When you have been struggling with your hearing for as long as you can remember, you may have also wondered if there would ever come a time that you would understand why you have hearing loss and difficulties. Finally receiving a diagnosis of otosclerosis, a middle and inner ear condition in which the tiny bones inside of your ear that should be mobile are fixed (stuck in place), can be simultaneously a relief and a source of frustration. You know what you have but may still be unsure of your treatment options. Get to know some of the available treatments for your otosclerosis so you can decide what your next move will be.
Hearing Loss Management
Sometimes, patients prefer not to go through any invasive treatments for their hearing loss due to otosclerosis. In such instances, the best option for hearing loss management is to wear hearing aids for as long as they will help keep the person able to hear the world around them. These hearing aids will need to be updated if the condition progresses and may not always be useful, depending on how profound the hearing loss is.
There are surgeries that can be used to treat otosclerosis. The main surgical procedure used is known as a stapedectomy. Considered a minimally invasive procedure, you ear surgeon can actually go through the ear canal to perform it. Stapedectomies can also be performed as a laser surgery. Laser stapedectomies tend to have faster healing times and less bleeding because the laser stops bleeding as the surgery is performed.
A stapedectomy is a procedure that is designed to remove the stapes bone (one of the tiny bones in your middle ear) from its stationary position. In healthy ears, the stapes bone is one of three ossicles (the other two being the incus and malleus) that vibrate when sound waves hit them. However, if the stapes bone is stationary, hearing is affected and it likely blocks the movement of the other two ossicles as well.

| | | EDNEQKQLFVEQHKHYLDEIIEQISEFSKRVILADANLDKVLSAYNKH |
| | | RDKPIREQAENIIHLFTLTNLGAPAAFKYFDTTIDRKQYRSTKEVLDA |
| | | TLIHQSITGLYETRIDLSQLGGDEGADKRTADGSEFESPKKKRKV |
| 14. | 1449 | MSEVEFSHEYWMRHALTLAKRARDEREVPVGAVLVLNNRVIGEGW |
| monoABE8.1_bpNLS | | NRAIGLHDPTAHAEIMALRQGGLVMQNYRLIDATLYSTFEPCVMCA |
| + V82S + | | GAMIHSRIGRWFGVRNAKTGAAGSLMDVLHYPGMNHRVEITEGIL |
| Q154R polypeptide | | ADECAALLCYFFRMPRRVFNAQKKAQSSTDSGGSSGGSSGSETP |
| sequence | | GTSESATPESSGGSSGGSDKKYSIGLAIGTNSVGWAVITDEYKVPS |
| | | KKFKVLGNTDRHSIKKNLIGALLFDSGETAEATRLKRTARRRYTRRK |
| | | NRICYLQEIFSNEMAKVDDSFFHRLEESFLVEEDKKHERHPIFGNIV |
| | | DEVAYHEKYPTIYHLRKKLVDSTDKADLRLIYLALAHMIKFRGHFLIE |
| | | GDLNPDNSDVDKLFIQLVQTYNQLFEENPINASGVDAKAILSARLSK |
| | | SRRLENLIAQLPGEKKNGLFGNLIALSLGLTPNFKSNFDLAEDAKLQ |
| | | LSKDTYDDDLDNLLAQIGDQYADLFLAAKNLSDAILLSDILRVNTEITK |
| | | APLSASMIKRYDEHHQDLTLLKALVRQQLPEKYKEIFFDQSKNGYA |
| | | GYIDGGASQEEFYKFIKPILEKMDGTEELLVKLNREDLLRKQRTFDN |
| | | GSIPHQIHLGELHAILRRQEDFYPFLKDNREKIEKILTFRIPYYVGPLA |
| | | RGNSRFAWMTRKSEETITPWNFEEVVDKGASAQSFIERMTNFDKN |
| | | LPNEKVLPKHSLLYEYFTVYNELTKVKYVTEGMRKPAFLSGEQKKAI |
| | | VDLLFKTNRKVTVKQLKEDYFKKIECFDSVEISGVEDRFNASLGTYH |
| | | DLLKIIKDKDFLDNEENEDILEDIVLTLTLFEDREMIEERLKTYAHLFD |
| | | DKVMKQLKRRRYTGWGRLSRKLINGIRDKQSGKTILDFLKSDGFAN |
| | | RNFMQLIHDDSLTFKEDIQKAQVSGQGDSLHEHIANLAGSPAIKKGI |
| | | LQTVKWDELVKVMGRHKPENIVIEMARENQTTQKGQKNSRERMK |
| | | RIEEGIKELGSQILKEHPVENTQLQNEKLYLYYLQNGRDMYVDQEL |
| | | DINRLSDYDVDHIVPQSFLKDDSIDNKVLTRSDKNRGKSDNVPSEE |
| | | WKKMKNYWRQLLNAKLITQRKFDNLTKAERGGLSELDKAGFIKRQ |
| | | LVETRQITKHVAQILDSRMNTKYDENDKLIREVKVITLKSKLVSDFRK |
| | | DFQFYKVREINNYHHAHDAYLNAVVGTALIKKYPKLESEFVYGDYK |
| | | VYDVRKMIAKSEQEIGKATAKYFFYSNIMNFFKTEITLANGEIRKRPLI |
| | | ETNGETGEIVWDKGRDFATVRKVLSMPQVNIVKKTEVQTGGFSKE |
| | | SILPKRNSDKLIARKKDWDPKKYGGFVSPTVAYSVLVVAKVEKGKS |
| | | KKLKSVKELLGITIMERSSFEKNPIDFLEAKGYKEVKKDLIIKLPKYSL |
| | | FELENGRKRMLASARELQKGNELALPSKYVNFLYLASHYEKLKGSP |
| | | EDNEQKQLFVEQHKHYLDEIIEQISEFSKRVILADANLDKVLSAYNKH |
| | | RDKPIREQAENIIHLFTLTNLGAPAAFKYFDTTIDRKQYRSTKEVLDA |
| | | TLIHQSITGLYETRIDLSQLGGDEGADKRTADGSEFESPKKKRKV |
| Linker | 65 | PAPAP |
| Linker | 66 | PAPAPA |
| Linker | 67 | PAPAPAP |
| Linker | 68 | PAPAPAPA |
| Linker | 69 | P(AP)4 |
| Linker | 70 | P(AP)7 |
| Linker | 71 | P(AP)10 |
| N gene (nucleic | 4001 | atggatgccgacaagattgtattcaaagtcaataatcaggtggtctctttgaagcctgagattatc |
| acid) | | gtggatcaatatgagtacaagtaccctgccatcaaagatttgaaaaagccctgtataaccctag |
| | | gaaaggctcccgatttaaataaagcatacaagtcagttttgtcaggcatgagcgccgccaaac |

By removing the stapes bone and detaching it from the other two ossicles, your remaining two ossicles can move as they should. The stapedectomy also involves implanting an artificial stapes bone in the ear to keep it structurally sound and functional.
Another surgical option is known as cochlear implants, which are devices implanted in the brain to electronically process sounds through the implant to be then converted to signals the brain can convert to sound. This is effective in many patients with otosclerosis who may not be ideal candidates for a stapedectomy or who prefer a different treatment approach.
Now that you know some of the options available to you for your otosclerosis, you can better determine what course of action you want to take to help with your hearing loss. If you're thinking of getting laser surgery for your otosclerosis, consider contacting local specialists, such as Eastern Carolina Ear Nose & Throat-Head, to discuss your concerns.